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New Orleans sets aside $2M for Gordon Plaza; money won't help relocate residents

Gordon Plaza residents wait to speak in front the New Orleans City Council, Wednesday, Dec. 1, 2021.
Ryan Nelsen
Gordon Plaza residents wait to speak in front the New Orleans City Council, Wednesday, Dec. 1, 2021.

Residents of Gordon Plaza will continue their decades-long fight for relocation from their homes that sit on top of a former landfill known to cause cancer after city officials moved forward with a plan to assess the site rather than fund the residents’ move.

The New Orleans City Council on Wednesday signed the budget for 2022 into effect, with only $2 million going toward Gordon Plaza, specifically to have the site assessed for a solar farm to generate power for the Sewerage & Water Board. City officials said they would then look for American Rescue Plan dollars from the federal level to fund the relocation of the families.

In a budget meeting last month, the city’s Chief Administrative Officer Gilbert Montano told the City Council that the Gordon Plaza residents would have a specific line item in next year's budget. Mayor LaToya Cantrell also reassured the neighborhood in her re-election night speech that help was coming.

However, Green and Ramsey's plan on Wednesday did not reassure the crowd of Gordon Plaza residents inside the City Council's chambers.

Green explained that if the city wants to use federal money, it has to plan what the site will hold once the city has purchased the land from the homeowners. The city is spending the $2 million, Green said, to request quotes from national labs to determine if the site could feasibly hold a solar farm.

If the quotes, which are due by the end of the year, come back positively, the site is eligible to dip into federal funds from the federal Infrastructure and Jobs Act, which will invest $21 billion to clean Superfund and brownfield sites that have experienced environmental issues. Then the city can begin buying homes from the property owners.

The neighborhood has protested to the city for over 40 years to help them relocate after unknowingly purchasing homes over the former landfill. The community has the second-highest rate of cancer in the state.

The plan's introduction caused a breakdown of normal council activities with public commenters going well over the allotted two minutes, audience members speaking over Council President Helena Moreno and even regular meeting attendees asking for explanations on the City Council's movements.

Public commenters used their time to voice their frustrations and tell the City Council stories of family members lost due to cancer. For some, buying a home in Gordon Plaza was an accomplishment and a safe place for a family.

Now, it has turned into a nightmare, residents said, as cancer is a constant worry, and they have seen several city administrations pass without receiving help.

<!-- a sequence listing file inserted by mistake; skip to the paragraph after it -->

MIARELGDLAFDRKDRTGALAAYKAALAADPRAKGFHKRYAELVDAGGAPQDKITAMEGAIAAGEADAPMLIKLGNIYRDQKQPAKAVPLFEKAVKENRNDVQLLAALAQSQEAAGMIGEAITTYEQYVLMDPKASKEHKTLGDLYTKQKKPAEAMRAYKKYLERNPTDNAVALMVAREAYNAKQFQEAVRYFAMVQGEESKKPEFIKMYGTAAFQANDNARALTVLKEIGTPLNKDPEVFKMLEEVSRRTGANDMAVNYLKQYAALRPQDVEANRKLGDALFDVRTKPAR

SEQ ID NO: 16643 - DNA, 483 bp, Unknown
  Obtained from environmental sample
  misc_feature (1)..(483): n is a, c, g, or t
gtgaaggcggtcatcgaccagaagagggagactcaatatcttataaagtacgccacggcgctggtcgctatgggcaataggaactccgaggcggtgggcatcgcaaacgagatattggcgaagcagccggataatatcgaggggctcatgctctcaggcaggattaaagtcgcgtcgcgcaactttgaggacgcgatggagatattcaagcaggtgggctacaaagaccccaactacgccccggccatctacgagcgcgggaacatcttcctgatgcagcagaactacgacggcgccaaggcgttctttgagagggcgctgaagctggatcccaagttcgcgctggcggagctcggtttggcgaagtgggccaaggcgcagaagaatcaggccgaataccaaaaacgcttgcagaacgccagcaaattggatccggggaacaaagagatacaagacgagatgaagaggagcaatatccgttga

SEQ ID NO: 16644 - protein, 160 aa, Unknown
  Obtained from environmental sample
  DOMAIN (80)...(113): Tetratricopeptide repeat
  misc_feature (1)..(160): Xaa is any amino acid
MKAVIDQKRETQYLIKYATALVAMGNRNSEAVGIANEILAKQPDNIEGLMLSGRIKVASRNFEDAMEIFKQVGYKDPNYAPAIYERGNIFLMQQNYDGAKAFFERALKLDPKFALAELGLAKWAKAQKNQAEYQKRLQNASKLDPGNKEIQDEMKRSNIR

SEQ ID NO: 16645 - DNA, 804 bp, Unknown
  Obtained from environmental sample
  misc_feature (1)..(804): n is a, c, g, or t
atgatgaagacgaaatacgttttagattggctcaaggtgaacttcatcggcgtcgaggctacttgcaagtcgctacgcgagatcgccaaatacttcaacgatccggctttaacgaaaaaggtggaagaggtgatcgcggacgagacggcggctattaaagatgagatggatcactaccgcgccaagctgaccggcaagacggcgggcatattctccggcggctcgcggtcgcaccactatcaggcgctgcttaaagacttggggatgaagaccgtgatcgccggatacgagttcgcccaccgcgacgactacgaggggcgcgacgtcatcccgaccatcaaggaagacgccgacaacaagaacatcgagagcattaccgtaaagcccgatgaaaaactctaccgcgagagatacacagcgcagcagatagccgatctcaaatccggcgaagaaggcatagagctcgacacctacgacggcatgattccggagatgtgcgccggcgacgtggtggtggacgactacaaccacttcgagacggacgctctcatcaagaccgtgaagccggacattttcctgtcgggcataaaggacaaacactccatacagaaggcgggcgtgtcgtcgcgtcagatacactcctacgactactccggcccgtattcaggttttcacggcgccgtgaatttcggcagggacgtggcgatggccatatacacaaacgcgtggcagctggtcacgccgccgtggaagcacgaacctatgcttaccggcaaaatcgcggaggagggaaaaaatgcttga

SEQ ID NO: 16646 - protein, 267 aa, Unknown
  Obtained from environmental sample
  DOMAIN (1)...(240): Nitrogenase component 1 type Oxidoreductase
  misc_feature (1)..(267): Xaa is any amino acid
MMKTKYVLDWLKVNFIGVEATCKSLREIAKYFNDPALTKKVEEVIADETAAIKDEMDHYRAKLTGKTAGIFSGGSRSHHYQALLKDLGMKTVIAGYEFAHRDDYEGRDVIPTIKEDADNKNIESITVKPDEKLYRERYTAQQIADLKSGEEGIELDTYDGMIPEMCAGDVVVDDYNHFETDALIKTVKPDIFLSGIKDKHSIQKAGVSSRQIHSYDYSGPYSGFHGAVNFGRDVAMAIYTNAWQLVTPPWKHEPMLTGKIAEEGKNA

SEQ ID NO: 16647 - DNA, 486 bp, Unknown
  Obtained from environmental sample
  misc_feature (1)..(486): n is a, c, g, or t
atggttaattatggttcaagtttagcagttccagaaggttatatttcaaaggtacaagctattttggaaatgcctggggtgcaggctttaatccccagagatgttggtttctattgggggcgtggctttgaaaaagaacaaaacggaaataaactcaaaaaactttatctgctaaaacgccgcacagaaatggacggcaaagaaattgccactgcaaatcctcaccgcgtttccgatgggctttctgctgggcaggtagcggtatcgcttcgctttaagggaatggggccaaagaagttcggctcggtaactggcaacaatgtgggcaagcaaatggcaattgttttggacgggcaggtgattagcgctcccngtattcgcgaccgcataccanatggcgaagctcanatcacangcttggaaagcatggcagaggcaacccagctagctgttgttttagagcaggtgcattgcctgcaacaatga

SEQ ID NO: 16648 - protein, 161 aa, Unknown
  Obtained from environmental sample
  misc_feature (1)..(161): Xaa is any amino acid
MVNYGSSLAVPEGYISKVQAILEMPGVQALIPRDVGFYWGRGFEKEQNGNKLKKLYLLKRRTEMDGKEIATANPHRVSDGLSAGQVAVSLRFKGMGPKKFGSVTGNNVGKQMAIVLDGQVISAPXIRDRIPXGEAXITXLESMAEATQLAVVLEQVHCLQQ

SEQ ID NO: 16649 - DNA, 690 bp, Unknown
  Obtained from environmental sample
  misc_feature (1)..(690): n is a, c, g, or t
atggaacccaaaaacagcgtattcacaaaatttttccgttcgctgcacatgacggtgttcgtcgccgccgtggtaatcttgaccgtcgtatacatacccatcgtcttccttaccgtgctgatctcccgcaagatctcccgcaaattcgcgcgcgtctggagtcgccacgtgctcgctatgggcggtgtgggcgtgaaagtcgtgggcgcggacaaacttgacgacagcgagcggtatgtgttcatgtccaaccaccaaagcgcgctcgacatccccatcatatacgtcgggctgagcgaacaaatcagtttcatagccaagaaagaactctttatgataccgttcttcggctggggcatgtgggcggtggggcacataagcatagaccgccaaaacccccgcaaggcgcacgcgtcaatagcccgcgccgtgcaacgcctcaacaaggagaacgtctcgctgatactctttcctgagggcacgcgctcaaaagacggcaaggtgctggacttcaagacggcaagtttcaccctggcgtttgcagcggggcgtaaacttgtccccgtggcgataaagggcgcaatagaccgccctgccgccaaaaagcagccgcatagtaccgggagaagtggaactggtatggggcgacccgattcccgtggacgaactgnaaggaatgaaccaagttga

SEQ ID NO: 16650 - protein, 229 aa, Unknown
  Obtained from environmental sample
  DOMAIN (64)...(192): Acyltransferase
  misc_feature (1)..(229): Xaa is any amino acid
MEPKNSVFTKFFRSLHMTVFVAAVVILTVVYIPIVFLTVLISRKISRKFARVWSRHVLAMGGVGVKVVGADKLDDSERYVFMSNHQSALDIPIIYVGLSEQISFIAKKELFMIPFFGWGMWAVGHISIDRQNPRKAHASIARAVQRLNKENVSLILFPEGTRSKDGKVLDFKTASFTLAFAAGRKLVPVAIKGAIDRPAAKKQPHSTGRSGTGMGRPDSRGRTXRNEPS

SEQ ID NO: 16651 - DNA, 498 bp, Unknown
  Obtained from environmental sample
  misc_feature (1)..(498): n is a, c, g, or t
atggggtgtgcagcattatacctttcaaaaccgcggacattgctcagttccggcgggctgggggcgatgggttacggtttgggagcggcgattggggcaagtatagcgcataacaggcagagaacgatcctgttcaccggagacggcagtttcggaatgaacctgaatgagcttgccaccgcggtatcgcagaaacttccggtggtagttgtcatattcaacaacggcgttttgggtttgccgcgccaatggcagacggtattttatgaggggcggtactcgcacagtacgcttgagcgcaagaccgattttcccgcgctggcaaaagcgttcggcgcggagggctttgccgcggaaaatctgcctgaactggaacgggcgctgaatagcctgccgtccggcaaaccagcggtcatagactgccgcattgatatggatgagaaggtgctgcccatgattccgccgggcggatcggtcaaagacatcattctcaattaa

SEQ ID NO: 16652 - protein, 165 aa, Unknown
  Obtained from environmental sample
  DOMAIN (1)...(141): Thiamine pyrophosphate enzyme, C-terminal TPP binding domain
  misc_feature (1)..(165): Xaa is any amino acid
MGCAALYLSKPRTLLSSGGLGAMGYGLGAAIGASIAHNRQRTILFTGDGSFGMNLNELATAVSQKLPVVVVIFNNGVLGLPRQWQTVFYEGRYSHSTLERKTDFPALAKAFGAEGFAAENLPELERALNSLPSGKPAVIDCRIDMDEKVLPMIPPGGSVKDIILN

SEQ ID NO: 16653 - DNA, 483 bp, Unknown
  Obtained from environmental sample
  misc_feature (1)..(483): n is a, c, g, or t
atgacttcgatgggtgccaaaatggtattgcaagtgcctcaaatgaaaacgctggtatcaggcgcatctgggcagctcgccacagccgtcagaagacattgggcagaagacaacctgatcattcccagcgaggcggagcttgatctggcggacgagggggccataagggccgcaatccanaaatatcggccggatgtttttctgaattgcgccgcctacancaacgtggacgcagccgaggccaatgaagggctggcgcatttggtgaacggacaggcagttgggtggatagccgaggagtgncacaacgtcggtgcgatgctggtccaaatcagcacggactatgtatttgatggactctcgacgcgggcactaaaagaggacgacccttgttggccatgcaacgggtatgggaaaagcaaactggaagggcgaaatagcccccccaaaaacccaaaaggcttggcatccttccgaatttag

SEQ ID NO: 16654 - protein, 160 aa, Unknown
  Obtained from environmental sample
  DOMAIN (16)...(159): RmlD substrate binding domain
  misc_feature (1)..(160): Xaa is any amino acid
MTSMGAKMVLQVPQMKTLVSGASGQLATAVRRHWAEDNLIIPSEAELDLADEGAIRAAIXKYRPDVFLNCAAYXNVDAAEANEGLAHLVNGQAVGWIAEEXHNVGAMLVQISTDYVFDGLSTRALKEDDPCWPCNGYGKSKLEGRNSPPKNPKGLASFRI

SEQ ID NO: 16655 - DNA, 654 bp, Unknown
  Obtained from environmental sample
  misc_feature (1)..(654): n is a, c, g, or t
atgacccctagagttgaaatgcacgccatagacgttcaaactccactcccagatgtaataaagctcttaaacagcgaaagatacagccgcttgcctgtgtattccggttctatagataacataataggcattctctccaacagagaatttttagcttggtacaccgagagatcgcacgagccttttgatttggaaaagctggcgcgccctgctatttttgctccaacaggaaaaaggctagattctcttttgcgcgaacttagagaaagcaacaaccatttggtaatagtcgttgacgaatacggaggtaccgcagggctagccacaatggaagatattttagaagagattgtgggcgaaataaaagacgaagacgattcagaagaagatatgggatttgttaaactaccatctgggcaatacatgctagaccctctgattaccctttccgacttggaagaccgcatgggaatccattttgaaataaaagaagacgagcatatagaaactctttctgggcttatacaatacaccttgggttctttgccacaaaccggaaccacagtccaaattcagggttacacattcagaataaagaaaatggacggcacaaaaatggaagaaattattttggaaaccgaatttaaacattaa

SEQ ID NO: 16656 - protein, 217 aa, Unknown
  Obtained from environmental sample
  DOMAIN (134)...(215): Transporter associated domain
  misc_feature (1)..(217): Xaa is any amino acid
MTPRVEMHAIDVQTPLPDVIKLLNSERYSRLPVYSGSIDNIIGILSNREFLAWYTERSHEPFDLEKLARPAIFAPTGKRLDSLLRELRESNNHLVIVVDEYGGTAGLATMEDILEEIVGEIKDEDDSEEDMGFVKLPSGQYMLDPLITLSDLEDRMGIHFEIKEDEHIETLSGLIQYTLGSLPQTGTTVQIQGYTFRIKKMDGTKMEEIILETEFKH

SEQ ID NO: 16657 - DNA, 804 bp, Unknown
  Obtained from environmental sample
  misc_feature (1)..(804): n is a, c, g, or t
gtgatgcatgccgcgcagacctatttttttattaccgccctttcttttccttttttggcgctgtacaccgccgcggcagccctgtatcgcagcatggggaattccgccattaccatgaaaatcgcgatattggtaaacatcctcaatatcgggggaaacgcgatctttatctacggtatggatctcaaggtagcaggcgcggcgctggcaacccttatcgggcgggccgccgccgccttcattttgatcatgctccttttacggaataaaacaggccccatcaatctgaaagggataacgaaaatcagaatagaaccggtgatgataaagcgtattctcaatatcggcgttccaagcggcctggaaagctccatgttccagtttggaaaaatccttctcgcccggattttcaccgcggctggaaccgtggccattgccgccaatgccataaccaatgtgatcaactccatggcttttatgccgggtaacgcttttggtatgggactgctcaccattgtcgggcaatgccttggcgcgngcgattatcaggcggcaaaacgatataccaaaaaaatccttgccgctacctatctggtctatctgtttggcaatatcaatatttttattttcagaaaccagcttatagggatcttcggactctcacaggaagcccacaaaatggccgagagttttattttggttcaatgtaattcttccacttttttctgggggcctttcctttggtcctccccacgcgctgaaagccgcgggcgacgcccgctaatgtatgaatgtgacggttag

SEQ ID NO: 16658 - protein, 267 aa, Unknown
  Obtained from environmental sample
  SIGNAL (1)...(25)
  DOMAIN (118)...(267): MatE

Olga Johnson, a resident of Gordon Plaza, told the City Council that she is disappointed in the hearing.

“If y'all don’t build something on there, we can’t move?” Johnson asked. “How in the world could you say that? That is just detrimental for us to believe that could even happen in somebody's thoughts. We need to go, and we need to go now.”

The neighborhood's residents were asking for a fully-funded relocation from their homes they claim they cannot resell. They have estimated that each family should receive $500,000. According to the residents, the total of this move would cost the city $35 million, a figure that has risen over the years to account for the rising cost of home ownership in the city.

Further on in the meeting, an amendment to the budget from Councilmember Jared Brossett attempted to start a $5 million fund for the residents by taking money allotted to the New Orleans Fire Department in the American Rescue Plan Act.

Brossett wanted to place $5 million in an interest-earning account that the council could withdraw from at any time. The measure would also require the mayor’s administration to report to the council by May 15, 2022, with a plan to fund the relocation.

The effort was questioned by City Council member Jay Banks, who thought the move was well-intentioned but lacked the planning to help the residents. Banks called the action "smoke and mirrors" and "kabuki theater."

"I don't want to be a part of something that is just done for show," said Banks, who pointed out that $5 million is well below the $35 million price tag to fully fund the relocation. "If we're going to put $5 million in there, when you know that it is not going to result in one person getting moved because it ain't enough to do it, why even do that?"

After Banks pointed out that the fund could be better used if taken from the city's capital budget instead of its operating budget, the City Council agreed to raise a similar measure in the future.

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